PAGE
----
The latest innovation, brought on by the proliferation of Flash-based social games (many of which we discover through our friends on Facebook), is The Sims Social, which has once again shifted the gameplay, this time further along the gaming axis toward social gaming. You once again control resources and manage your self-made Sims, but your customization and construction mechanics have been streamlined to the point that they are almost superfluous. In the end, it’s who you know and what they can and are willing to do for you that determines how successful you are at this version of the game.

And these are just the games developed for EA. There are other companies that have played with a number of different takes on the concept of virtual people living in virtual environments, some designed by you. Second Life gave us avatars that inhabit vast households you built for yourself using resources purchased with real and virtual currency. Less a game than what they now call a ‘sandbox’ where you basically make your own entertainment within the environmental constraints of an open-ended, thematically consistent, persistent virtual world.

Some companies decided to make far less rigorous gameplay and environments designed expressly to emphasize socializing, such as The Palace and IMVU, with simple cartoon avatars customized before joining online chat-rooms in cartoon virtual spaces. Not nearly as intensive as proper Life Sim games, and yet working off some of the same basic dynamics. There were (and probably still are; I don’t get out much) virtual worlds dedicated entirely to virtual sex clubs, where avatars would attempt to hook up in what developers no doubt hoped would be an arousing fashion that would assist strangers in what is essentially self-love with a twist. I don’t know enough to really judge, but I’m pretty sure plenty of people enjoyed their virtual sex lives while their virtual sex club companies remained in business. I suppose I could do a little Googling to see what’s new in the world of virtual sex, but this article is long overdue.

THE POINT
The thing about all of these Life Sim games is, it allows us to live vicariously through the actions and reactions of our designated avatars in these virtual worlds. Some offer more control of the environment, while others offer safe methods of meeting and having social and even erotic encounters with curious consenting friends and absolute strangers alike, sometimes in exotic locations, all without leaving the comfort of your own computer den, home office, or bedroom (if you have a particularly comfy laptop tray).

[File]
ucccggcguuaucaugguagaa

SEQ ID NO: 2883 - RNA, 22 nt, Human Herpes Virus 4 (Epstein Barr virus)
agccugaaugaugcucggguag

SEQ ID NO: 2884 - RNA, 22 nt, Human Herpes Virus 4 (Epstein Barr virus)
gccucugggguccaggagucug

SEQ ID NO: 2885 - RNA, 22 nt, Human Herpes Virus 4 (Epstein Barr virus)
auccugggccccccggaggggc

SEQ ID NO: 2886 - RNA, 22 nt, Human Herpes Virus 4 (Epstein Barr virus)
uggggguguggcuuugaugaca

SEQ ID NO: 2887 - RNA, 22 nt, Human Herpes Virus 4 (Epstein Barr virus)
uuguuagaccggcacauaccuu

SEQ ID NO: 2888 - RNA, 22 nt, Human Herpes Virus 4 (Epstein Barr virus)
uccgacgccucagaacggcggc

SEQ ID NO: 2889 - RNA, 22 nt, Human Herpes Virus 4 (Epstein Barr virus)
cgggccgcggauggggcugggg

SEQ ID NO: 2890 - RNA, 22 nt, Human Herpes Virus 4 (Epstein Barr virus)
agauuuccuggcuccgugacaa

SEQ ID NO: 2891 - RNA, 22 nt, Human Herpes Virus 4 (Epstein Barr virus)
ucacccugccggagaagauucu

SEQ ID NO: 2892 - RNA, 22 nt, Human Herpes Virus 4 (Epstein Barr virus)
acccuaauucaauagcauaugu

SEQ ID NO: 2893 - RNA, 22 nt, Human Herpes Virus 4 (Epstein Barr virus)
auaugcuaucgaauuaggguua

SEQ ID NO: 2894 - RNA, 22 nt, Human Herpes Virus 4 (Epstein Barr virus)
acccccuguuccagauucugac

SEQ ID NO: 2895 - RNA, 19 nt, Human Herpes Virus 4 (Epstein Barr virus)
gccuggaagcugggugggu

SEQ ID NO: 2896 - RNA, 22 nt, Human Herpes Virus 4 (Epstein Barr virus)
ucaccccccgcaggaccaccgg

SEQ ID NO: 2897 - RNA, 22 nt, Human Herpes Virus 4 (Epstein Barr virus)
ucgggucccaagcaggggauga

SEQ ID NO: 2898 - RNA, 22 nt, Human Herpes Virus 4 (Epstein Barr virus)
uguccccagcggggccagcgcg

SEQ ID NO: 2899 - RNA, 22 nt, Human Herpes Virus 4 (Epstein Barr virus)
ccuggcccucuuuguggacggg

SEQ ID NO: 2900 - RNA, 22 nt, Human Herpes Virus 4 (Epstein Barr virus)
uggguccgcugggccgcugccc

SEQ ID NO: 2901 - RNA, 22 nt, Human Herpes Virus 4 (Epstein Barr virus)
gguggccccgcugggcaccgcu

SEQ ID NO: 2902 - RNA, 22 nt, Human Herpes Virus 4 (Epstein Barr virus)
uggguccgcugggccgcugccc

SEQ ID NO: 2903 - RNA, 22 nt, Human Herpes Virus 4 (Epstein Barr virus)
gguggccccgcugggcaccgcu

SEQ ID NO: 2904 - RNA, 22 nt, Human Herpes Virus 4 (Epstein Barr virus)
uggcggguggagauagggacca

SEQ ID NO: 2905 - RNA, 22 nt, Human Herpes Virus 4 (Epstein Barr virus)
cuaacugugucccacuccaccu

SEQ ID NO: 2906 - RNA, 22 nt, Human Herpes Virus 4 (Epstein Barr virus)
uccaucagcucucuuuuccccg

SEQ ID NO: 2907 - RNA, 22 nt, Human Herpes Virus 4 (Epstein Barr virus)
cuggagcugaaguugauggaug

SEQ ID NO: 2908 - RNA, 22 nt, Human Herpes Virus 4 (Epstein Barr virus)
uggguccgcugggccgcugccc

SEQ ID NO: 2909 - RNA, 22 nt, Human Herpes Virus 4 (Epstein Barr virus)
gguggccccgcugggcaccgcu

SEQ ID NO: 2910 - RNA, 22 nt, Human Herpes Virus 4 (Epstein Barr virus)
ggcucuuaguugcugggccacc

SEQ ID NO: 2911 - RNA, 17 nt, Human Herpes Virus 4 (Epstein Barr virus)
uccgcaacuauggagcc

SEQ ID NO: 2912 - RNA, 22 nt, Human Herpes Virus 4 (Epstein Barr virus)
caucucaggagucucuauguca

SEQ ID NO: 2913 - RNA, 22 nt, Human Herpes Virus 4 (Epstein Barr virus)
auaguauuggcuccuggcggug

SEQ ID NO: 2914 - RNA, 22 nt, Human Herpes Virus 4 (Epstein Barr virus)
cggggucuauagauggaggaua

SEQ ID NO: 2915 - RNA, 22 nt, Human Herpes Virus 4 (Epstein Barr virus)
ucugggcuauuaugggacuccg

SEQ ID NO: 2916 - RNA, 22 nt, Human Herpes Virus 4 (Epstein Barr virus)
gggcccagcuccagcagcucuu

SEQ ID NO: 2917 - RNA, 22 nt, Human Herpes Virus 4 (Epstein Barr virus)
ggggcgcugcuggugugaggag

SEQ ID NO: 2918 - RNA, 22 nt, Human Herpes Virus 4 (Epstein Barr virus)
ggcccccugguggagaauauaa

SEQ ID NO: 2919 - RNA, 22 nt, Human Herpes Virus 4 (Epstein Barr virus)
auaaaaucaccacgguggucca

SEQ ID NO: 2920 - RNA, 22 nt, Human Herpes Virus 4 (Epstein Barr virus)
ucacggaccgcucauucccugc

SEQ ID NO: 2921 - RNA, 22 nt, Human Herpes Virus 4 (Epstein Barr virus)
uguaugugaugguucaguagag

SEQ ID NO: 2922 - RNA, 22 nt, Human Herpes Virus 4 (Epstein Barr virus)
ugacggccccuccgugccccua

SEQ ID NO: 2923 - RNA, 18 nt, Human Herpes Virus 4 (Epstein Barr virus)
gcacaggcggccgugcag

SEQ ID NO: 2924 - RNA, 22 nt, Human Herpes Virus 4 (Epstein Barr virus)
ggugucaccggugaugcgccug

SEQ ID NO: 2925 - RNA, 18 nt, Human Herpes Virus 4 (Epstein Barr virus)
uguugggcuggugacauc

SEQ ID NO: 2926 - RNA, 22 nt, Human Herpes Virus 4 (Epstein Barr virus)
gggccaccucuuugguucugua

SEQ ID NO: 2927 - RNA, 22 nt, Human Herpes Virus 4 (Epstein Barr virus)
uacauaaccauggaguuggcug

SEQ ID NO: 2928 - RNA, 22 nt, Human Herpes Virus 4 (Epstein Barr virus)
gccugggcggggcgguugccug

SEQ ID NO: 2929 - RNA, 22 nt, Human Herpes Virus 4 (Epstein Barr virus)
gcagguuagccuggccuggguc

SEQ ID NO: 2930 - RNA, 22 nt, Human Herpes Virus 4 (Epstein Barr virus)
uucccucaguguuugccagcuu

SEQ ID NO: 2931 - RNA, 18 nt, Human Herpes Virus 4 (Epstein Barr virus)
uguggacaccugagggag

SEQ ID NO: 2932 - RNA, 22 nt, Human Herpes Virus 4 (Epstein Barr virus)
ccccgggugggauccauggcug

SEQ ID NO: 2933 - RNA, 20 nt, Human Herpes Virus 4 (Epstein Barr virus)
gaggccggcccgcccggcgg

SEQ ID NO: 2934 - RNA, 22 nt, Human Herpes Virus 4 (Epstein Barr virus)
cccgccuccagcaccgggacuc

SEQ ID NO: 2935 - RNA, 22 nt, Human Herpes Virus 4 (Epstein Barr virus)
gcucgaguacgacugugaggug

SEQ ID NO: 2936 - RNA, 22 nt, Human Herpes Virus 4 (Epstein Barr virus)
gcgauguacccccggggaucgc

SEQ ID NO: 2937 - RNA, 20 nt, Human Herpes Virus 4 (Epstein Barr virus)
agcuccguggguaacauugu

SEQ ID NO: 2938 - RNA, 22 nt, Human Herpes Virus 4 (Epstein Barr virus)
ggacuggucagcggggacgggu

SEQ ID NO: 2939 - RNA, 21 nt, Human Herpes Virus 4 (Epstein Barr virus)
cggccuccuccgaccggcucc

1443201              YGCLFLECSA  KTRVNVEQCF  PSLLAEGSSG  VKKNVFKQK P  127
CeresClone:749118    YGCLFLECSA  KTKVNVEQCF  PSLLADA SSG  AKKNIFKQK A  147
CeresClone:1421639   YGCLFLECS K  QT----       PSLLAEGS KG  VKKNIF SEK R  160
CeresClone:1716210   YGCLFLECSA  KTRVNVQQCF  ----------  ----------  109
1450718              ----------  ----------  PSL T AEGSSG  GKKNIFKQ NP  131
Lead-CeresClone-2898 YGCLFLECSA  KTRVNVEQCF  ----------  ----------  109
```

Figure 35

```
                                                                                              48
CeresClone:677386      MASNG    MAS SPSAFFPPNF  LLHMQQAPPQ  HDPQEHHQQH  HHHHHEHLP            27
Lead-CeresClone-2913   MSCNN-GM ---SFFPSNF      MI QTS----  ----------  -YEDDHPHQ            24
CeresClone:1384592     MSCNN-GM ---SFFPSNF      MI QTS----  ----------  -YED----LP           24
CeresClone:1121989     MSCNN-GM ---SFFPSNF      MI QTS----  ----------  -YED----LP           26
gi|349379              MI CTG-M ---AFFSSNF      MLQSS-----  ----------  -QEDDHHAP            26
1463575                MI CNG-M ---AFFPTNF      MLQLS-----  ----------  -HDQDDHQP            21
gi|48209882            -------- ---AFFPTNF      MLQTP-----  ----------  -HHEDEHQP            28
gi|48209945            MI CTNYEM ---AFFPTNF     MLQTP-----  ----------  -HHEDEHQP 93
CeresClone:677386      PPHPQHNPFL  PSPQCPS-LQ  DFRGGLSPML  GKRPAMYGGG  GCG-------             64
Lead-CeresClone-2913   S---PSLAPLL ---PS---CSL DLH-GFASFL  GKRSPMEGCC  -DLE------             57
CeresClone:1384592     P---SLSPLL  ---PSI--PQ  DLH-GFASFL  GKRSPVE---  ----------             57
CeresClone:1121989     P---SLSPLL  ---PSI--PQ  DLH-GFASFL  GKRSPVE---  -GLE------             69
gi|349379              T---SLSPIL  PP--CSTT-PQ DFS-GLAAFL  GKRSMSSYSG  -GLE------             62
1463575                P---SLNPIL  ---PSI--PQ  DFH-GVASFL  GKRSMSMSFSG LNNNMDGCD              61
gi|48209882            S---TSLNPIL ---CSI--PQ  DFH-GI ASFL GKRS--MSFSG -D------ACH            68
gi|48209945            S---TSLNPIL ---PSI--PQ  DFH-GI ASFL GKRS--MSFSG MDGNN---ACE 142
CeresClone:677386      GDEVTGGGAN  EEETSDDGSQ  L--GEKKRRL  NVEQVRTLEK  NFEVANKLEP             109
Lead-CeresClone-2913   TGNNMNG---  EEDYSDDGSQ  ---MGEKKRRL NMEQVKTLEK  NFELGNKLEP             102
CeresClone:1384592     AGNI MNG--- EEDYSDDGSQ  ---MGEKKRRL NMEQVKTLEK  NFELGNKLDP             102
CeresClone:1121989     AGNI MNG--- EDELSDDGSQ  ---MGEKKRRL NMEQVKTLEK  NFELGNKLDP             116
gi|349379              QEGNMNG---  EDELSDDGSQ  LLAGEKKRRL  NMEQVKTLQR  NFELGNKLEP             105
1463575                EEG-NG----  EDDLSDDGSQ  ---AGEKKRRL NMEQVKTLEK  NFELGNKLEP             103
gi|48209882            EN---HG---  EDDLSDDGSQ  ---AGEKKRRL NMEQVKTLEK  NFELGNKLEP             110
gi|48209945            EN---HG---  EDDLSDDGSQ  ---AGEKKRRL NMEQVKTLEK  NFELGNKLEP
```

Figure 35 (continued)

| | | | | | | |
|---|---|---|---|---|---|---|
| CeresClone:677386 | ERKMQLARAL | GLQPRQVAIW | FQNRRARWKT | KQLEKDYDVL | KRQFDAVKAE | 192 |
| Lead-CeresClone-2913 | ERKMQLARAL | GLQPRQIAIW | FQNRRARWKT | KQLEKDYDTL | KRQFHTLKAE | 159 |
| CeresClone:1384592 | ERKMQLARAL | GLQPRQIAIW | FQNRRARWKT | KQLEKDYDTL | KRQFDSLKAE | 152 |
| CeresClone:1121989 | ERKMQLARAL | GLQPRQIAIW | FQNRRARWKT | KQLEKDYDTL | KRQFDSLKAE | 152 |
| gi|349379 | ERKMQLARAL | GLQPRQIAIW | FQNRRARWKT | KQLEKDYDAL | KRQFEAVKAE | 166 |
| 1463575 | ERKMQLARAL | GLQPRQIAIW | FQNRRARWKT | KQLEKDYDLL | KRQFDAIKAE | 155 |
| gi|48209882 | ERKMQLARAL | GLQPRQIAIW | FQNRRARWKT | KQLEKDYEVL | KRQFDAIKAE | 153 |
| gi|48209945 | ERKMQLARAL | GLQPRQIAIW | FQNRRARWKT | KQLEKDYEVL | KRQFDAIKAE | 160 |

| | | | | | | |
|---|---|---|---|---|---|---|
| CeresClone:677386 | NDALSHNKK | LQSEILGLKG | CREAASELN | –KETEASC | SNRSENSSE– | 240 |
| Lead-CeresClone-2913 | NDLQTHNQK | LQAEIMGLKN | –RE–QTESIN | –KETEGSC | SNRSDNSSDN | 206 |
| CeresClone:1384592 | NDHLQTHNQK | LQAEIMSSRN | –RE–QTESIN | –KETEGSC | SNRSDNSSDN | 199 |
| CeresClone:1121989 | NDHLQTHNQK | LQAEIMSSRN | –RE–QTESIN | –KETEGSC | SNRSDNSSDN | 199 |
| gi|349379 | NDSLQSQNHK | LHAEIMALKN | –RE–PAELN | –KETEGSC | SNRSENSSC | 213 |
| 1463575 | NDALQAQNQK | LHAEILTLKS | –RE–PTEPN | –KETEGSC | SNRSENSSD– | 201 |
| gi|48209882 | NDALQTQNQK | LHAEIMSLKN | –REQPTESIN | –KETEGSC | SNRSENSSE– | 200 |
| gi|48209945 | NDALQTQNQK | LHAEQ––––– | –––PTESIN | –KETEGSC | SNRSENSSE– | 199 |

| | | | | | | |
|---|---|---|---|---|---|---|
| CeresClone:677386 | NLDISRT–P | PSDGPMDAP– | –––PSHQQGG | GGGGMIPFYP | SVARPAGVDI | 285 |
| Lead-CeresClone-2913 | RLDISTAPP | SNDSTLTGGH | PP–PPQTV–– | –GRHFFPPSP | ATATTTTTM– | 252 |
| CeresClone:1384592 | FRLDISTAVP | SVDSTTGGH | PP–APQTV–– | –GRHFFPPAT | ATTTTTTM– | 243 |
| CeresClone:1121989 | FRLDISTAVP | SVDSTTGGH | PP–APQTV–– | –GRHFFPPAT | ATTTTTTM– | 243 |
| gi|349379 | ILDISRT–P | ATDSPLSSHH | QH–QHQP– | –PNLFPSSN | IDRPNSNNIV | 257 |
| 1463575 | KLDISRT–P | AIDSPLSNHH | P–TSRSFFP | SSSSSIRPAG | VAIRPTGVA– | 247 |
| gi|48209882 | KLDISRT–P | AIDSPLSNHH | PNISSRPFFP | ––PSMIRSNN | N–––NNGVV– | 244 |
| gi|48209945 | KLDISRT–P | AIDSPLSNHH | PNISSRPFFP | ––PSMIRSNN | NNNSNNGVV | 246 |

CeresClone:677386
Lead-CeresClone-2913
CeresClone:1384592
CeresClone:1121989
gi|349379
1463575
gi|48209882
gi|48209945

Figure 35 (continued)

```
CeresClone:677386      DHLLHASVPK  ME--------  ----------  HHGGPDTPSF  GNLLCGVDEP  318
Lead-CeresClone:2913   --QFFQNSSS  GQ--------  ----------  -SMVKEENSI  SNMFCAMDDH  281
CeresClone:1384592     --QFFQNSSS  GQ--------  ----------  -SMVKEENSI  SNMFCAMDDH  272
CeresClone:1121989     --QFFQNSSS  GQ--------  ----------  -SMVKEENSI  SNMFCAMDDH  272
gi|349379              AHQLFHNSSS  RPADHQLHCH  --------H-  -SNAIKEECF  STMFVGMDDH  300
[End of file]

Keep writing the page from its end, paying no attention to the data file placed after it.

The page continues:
However, these games have an invisible shelf date, after which they lose their charm and the players turn to torturing their avatars, before abandoning the game entirely. This comes down to the fact that, unless you’re particularly sensitive (most would say deluded) to the possibility of virtual beings having secret lives and feelings of their own, the unreality of the situation eventually rears its head, and we are left with the feeling that we have been wasting our time. Some move on to other Life Sim games, some give Dating Sims a try, but in the end, many of us just put our shoes on and go outside to see if they’ve upgraded the graphics in the Big Blue Room… and if there’s anyone outside who might actually want to hold us for real.

Because what it all comes down to is, what we both enjoy and yearn for in virtual worlds such as these is the opportunity to experience things we are unlikely to in our own lives… but without the threat of death, virtual or otherwise. But at the end of the day, what we really want is to be held. For real. Because nothing beats being held, and sadly, they haven’t created a virtual world where the hugs (and other forms of intimate contact) feel real yet.

When they do, most of us will kiss Life Sims and MMOs goodbye, because, while we’ve really enjoyed the building and the questing, and most of us love a good story, what we really want is to travel to some exotic land and find someone special waiting there to give us a hug and kiss and make us feel welcome. When developers get that hurdle licked, then you’ll see some serious changes in the way people look at ‘gaming’… and the internet in general.

But until then, the misadventures of Irkni Burr will continue in some virtual lost temple or ancient pyramid, because I need some way to pass the time until I can actually cash in all of these virtual hugs I’ve been given over the years.

NEXT UP:
According to my list, the next set is going to be about Combat Games. That should be fun. Come back in a week or three, okay? Thanks.

And thank you for reading. Comments are welcome. Even spam would be delightful at this point.

Lee.

* That is, unless you think it’s reasonable to spend hours of time answering online advertising questionaires and other ephemeral money-making schemes to ‘earn’ artificial currency and thus continue to play an online video game; some of us actually have other things to do with our limited gaming time than doing surveys just so we can progress. I understand that this is the business model these developers have chosen to pursue, but it starts to gall when you consider the time lost to these games and their ancillary activities, many of which also ‘spam’ our ‘wall’ with soft ads for the game, to draw in other curious potential players/buyers. I’d probably welcome paying a straight membership fee over being subtly locked out of minimal additional content expansions

Don't be shy. Tell me what you really think, now.